Jim shouted ‘I said get me up at 7.30’, but I thought he said 8.00 so the pair of us were running around like blue-arsed flies this morning.
He managed to get out in ten minutes. Off to the dentist, having had four and half hours of sleep.
I was more leisurely and dawdled around until I realised that I had to get to TWells for the 9.01 train and it was nearly 8.30 and the traffic and the rush hour and OMG! – So I kissed the dog and ran like the clappers to the car, ran back having forgotten the keys, ran back again and drove in the fast lane until I arrived at the car park. Then I leapt out of the car, put in my first pound coin – it came back to me. The second did the same. The parking machine was broken, so I wrote a scribbled note on an old receipt, ran to the exit where a working machine leered at me, bunged in 4 pound coins, too much money as I had no change, ran back to the car, screwed up the note and put the real parking ticket in its place, then walked very fast indeed to the station.
Got my cheap day return then into the coffeebarcumwaitingroom for ‘The Mirror’ and ‘The Mail’, both of which I hate, but both of which can be devoured in under 40 minutes and both of which have opposing versions of Alistair Campbell’s diaries, all of which makes… no, never mind as it’s just another pile of parliamentary money spinning.
I grabbed a seat next to an unusually long legged man and settled down for a read.
Now I don’t mind people falling asleep next to me, although I would prefer to have been formally introduced first, but this geezer stretched both his legs into my space, diagonally under the table. I had to struggle to put my little legs (I am only 5.1 and three quarters) up on the seat opposite which meant sliding down in the seat until my chin was resting on my clavicles.
When Long John Baldy started scratching his bits, I swear I nearly woke him, but he was so deeply asleep I thought it would confuse him if an aging traveller whacked him over the head with Alistair Campbell.
Then I started thinking about appropriate travelling etiquette and remembered that some 25 years earlier I promised myself that as I got older I would resist graceful behaviour and that having my bare feet up on the seat opposite gave me a frisson of yoof.
The lad continued sleeping whilst I read the grim news and made way for the comings and goings of other passengers.
The opera singer in the adjacent seat had an ample buttock region and ill-matching jewellery, a flappy linen outercoat in Burnt Sienna – a favourite hue of the artistic type don’t you think? – and an assortment of bags. I knew she was a chanteuse because a chartreuse green basket contained her music. Vividly colourful accessories are also a dead give away.
Maria Callas stood up and bent over, scrabbling around for her score, whilst thrusting her large basso profondo in my face. After reseating herself she then set about underlining phrases with a fine HB pencil. She looked like she ought to have been a contralto, but you can never tell a Bach by its Colorotura, although she did have the gravitas of a weighty warbler, and anthropomorphically speaking, her dog, which was under the table, looked exactly like her – it was a big hairy retriever.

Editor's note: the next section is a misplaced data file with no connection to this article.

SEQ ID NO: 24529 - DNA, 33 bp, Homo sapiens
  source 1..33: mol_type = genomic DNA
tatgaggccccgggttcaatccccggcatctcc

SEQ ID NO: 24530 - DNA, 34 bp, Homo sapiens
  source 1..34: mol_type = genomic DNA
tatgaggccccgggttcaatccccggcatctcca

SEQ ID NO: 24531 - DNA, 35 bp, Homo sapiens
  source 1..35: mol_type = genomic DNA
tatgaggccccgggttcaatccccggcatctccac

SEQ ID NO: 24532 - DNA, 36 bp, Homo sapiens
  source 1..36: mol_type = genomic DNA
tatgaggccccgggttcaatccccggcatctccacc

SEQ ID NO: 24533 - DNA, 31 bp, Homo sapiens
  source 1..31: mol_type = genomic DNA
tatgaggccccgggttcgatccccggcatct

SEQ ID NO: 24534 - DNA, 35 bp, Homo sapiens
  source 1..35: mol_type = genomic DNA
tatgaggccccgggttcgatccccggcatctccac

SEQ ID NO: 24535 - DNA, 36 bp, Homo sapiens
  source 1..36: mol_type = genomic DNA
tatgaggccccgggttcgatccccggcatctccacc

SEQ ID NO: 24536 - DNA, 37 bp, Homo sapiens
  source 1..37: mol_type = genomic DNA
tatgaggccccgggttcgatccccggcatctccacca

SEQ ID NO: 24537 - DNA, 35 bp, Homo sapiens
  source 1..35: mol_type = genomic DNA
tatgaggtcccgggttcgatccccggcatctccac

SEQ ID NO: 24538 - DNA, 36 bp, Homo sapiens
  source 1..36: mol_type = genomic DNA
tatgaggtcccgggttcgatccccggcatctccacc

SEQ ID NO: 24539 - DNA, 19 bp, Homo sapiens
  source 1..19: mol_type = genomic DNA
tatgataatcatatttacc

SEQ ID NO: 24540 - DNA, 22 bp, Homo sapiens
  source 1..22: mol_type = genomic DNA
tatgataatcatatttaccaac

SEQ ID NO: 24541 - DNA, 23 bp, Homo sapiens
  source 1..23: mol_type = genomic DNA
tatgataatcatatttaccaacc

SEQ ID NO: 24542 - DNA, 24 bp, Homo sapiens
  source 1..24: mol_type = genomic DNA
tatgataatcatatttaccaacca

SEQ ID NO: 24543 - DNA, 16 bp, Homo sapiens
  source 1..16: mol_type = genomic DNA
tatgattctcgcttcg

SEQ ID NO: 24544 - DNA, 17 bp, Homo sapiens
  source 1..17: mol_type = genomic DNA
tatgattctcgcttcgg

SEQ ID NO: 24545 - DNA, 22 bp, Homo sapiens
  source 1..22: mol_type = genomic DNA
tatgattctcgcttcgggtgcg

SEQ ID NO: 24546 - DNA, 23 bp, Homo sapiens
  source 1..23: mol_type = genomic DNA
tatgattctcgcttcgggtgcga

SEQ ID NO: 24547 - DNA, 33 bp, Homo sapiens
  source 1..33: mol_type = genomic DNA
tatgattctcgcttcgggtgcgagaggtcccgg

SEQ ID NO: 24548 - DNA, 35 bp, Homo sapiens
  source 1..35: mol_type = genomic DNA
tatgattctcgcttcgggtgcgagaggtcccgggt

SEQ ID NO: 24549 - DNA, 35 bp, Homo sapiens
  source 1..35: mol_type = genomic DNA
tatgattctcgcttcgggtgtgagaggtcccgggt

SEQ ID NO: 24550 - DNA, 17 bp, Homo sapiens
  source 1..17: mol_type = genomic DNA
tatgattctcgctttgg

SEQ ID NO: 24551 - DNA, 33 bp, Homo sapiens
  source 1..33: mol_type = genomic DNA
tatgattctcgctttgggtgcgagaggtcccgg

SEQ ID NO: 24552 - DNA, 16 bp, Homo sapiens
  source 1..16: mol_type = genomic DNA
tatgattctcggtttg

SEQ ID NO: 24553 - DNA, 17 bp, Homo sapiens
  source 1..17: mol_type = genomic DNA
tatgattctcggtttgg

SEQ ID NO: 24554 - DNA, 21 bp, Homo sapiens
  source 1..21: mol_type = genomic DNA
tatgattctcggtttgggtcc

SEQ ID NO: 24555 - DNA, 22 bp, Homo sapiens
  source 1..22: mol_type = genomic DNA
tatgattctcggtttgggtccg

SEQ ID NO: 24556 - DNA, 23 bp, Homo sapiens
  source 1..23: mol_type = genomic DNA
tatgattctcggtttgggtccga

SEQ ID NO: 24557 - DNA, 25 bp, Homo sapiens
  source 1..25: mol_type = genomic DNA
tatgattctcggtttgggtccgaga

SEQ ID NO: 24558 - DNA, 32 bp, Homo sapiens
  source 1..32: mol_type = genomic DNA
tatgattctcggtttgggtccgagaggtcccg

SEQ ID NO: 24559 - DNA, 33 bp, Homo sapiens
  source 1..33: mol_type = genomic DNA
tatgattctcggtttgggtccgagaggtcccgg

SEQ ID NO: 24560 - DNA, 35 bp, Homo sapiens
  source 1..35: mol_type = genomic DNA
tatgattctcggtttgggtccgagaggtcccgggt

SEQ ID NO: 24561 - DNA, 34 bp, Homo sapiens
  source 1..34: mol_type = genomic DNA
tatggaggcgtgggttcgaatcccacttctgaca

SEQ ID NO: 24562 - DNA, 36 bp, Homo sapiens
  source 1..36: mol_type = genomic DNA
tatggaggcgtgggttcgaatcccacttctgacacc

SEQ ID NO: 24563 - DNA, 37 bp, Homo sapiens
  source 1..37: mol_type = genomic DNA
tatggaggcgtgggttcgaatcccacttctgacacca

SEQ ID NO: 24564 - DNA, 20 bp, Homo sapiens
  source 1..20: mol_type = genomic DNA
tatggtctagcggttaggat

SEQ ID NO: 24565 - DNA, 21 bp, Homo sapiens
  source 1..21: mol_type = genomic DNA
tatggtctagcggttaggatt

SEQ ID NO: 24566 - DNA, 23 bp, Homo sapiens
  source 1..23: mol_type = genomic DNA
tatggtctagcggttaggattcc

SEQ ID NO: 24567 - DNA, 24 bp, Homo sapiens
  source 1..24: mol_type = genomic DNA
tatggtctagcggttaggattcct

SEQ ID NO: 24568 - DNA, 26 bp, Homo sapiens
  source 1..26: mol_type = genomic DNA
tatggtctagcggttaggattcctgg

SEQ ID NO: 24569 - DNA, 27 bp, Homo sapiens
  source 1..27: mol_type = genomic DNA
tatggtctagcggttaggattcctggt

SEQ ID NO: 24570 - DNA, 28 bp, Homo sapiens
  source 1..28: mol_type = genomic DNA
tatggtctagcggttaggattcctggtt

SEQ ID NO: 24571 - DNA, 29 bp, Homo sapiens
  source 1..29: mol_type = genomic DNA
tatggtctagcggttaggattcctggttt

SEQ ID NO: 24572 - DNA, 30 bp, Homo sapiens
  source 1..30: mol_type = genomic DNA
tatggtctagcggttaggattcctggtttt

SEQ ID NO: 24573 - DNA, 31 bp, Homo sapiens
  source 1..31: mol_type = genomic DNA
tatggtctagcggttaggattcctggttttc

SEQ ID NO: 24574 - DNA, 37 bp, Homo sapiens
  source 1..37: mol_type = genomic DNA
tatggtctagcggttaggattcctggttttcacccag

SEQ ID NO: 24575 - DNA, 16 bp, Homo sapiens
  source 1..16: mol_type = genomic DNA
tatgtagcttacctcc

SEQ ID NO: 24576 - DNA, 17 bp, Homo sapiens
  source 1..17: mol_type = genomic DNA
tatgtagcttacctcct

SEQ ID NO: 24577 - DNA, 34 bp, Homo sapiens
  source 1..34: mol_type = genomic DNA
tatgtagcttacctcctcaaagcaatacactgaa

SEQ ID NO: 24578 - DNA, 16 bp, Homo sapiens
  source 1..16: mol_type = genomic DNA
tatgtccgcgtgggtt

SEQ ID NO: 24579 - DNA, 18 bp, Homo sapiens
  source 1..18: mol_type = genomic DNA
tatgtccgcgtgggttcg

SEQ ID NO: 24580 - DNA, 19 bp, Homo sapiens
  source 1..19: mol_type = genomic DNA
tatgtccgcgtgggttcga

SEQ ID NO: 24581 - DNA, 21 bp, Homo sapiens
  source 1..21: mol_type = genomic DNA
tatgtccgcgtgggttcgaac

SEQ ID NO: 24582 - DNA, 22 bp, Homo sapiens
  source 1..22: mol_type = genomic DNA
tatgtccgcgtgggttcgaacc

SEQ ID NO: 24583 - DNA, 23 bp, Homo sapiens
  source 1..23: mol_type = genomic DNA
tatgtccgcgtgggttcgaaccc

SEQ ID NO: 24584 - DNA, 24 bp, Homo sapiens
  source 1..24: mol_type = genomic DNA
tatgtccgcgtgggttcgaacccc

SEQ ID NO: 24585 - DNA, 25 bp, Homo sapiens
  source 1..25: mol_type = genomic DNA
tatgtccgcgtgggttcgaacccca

The hound lay contentedly at her feet and those of her fellow travellers. The commuter sitting opposite the songtress was happily reading his FT and nibbling on a delicious smelling baguette, whilst his legs were gallantly splayed out in the aisle unlike my travelling companion whose knees, by the time we had chased through Chelsfield, were practically in my gusset.
Two passengers, who fetched up in Tonbridge, declined the offer to use the pooch as a foot stall but a bouncy woman who boarded in Sevenoaks took the window seat. The dog looked terrified as she placed her cushioned frame in the seat usurping his cabin space with a waft and wave of voluminous skirt. She planted her magnificent legs either side of the dog, who sniffed and then hung his head between his paws. She took out a mirror and make-up pouch, dabbed ‘touch eclat’ under her eyes – don’t you just hate it when gels put their make-up on in flagrante? It’s the private made public. I blame it on Big Brother. She blobbed foundation on her chin, nose, cheeks and forehead, leaving them unattended as she carefully screwed the lid back on the foundation bottle before methodically wiping her fingers on a grubby tissue.
As we hurtled towards Hildenborough, she studied her face in her little compact and smoothed the foundation over her skin with pudgy fingers. On with a colourless lipstick, perfectly applied I may add, which did little for her complexion, then expertly mastered her mascara. I was worried, as we soared into Orpington that she would stab herself in the eye with her mascara wand but she was clearly a dab hand because when we reached Waterloo East she had added an unwavering eye liner. By the time Big Ben bonged out 10.00, she had added a rather fetching pink blusher. I must say her transformation from Kent to the capital was resplendent.